Hundreds of protesters have rallied in central Moscow to demand the release of political activists detained since mass protests.
Protesters at Saturday's rally called for an end to Russian President Vladimir Putin's rule, as they held portraits of the jailed activists and placards with slogans like "Free Hostages".
Fifteen have been put in pre-trial detention over the May 6 rally that descended into violence and resulted in 25 arrests. Another three, including radical opposition leader Sergei Udaltsov, are under house arrest.
The crackdown had occurred on the eve of President Vladimir Putin's return to the Kremlin last year.
The opposition and supporters say the authorities are seeking to prosecute innocent people in a bid to intimidate the rest of the dissenters into obedience.
'For all political prisoners'
Gennady Gudkov, a former opposition parliament deputy who was expelled from the State Duma by Putin loyalists, told the rally that the demonstration was for all political prisoners in Russia.
"There are many dozens and even hundreds," he said of the political prisoners.
"It's not mass repression yet, but we are holding this action in order to stop the possibilty of the mass repression that we already overcame: the most terrbile repression was in the 1930s, when tens of millions were victimised.
"We don't want to repeat the Gulags, we don't want to repeat the tragedy. That's why we're here to say our piece."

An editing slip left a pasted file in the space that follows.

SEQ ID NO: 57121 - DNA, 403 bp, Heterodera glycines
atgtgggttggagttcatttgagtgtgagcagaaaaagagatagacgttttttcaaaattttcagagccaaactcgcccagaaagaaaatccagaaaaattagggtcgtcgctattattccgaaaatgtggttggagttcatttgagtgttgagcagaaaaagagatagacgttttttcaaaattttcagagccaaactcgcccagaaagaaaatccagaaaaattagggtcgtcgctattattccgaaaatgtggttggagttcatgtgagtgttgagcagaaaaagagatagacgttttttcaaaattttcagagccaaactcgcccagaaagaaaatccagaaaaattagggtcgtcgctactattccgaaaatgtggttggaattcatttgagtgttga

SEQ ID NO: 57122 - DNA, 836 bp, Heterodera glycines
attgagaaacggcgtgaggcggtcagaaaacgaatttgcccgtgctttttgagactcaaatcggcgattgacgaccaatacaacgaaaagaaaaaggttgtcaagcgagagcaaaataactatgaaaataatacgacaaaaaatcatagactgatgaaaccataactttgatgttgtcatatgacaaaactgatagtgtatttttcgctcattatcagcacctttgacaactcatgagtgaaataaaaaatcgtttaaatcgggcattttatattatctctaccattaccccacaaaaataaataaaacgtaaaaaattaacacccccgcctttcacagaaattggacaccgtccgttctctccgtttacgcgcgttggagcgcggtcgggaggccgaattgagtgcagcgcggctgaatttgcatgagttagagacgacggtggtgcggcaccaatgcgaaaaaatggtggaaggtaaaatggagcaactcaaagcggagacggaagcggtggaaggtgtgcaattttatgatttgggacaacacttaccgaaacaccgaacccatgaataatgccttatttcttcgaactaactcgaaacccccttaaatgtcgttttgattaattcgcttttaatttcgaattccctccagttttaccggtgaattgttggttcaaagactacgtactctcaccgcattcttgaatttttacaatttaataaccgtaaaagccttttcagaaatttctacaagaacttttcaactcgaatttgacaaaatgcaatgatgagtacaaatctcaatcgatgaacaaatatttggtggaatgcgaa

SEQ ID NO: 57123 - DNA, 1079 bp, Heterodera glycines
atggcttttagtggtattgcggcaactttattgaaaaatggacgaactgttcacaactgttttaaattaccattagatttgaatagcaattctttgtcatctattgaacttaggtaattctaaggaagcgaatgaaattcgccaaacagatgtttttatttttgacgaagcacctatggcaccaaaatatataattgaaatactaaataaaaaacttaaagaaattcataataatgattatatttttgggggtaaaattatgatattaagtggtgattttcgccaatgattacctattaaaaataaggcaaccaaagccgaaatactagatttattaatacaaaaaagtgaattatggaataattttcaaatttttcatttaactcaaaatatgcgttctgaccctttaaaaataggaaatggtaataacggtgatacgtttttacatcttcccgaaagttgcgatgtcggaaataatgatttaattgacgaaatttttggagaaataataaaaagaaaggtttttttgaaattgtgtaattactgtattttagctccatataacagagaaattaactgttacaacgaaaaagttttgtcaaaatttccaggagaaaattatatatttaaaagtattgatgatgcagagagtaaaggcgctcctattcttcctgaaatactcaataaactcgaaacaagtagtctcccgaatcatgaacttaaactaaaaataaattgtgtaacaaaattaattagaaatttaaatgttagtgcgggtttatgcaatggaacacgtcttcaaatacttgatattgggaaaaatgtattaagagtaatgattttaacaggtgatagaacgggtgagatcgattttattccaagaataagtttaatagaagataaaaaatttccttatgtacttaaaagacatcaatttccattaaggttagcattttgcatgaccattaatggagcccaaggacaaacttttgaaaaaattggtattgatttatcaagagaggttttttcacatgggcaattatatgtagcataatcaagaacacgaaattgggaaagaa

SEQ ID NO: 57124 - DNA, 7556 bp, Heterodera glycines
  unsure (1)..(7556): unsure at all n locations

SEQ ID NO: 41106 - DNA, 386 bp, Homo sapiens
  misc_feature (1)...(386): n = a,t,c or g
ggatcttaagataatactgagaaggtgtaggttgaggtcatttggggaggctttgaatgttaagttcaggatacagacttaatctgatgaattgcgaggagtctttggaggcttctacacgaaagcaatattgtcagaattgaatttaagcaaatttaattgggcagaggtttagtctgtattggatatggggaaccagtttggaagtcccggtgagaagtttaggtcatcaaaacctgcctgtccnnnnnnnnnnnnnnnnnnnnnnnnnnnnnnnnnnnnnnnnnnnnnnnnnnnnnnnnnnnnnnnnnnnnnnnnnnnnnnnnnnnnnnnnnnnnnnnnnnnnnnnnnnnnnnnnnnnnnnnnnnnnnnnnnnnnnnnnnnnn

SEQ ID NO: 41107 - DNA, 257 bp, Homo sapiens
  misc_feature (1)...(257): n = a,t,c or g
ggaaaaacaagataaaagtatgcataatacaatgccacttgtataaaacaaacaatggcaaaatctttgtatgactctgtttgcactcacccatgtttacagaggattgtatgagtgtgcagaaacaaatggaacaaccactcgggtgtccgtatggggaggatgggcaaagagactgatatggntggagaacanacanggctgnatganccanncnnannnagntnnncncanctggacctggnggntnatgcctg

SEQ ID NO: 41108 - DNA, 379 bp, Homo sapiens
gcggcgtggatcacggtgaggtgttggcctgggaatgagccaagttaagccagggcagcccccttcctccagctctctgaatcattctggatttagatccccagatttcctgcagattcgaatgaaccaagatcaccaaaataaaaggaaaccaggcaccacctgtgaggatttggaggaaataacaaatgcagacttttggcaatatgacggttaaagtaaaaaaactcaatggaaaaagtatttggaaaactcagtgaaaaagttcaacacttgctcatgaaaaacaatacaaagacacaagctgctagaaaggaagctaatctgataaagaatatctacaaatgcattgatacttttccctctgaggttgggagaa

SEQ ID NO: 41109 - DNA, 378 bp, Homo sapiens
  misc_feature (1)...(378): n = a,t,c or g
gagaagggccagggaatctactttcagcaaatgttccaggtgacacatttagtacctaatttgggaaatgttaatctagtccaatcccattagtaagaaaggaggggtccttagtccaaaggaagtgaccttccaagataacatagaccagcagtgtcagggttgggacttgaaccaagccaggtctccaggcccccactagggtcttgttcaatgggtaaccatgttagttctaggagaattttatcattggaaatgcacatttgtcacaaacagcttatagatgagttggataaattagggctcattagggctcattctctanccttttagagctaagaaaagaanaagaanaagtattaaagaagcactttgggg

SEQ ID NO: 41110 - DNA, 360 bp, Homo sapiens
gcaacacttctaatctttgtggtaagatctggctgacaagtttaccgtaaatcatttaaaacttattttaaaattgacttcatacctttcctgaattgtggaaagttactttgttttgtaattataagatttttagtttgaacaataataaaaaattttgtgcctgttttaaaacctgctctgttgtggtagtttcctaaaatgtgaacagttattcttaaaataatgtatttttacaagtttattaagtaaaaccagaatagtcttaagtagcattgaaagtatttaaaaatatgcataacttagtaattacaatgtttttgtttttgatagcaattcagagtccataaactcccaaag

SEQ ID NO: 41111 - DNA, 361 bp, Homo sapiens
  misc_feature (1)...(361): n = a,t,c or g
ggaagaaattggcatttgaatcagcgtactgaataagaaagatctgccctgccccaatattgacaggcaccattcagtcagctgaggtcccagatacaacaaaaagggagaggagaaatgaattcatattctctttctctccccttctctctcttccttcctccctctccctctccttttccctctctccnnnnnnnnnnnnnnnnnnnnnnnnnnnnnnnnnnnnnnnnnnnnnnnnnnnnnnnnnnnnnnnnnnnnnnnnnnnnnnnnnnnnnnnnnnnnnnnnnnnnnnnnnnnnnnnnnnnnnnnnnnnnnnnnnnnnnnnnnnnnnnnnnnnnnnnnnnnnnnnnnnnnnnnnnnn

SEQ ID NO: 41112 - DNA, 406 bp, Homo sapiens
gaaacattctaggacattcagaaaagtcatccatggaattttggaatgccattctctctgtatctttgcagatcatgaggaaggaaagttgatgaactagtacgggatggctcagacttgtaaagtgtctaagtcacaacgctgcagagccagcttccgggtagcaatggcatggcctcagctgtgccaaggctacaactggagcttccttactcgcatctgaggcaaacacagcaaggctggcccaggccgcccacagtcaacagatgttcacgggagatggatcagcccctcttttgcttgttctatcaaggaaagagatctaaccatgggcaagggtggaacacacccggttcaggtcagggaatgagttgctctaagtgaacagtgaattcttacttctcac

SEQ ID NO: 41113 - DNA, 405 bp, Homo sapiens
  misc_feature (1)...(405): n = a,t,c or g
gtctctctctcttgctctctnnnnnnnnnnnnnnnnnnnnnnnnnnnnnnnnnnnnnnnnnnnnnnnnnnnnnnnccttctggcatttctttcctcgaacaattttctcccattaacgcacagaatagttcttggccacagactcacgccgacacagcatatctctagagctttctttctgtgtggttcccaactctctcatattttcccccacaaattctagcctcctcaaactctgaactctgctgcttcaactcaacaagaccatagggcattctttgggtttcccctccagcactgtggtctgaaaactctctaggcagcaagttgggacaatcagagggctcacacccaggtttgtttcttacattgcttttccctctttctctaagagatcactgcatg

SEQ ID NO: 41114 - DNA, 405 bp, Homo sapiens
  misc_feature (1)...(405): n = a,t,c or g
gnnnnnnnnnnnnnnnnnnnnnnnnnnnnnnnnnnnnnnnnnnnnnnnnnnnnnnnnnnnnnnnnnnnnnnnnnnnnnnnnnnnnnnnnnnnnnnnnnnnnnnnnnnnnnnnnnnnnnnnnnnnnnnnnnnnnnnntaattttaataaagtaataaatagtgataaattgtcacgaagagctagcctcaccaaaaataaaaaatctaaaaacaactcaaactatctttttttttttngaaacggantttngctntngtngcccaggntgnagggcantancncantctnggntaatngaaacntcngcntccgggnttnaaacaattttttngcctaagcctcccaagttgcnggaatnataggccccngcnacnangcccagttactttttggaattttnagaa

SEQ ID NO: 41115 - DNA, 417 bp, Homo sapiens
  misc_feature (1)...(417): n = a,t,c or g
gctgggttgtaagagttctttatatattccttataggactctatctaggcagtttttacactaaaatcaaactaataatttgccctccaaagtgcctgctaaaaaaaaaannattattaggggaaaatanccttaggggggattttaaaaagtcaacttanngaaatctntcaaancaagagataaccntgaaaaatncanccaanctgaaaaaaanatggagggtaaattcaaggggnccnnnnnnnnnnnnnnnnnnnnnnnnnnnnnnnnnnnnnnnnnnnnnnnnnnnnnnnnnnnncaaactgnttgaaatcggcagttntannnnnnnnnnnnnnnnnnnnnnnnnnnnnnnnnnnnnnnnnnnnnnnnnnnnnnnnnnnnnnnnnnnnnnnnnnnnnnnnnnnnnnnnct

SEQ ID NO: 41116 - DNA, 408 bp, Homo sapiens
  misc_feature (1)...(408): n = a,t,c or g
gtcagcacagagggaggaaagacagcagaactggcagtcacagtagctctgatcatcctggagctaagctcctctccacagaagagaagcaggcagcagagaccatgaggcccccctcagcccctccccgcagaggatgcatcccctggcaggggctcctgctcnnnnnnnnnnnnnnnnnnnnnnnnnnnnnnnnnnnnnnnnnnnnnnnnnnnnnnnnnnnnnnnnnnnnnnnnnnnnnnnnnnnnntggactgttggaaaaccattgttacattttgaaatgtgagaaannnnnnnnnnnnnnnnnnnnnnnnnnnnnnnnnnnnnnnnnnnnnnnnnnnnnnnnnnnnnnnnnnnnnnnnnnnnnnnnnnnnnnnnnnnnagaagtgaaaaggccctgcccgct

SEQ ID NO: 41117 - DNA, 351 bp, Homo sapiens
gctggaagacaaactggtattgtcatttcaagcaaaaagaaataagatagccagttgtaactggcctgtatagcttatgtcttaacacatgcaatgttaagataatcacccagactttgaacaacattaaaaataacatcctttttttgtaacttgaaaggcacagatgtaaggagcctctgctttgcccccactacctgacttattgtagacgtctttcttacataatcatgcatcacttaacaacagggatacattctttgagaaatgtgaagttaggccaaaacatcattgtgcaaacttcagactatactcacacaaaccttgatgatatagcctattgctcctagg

In a sign of the scale of the punishments they may face, one of the accused, businessman Maxim Luzyanin, was sentenced last year to four and a half years in prison after he pleaded guilty.
The fate of the activists has become a rallying cause for the opposition movement, which is trying to keep up the momentum after unprecedented protests that shook the Kremlin in 2011 have largely died down.
The opposition plans to hold a bigger rally next month to mark the one-year anniversary of the May 6 protest.
The mass demonstrations in December 2011 began over allegations of fraud in a parliamentary election won by Putin's party and turned into the biggest protests against him since he first became president in 2000, at times drawing up to 100,000 people.
Putin dismisses the protesters as a minority who do not have wide support across Russia and the Kremlin has resisted calls for political change.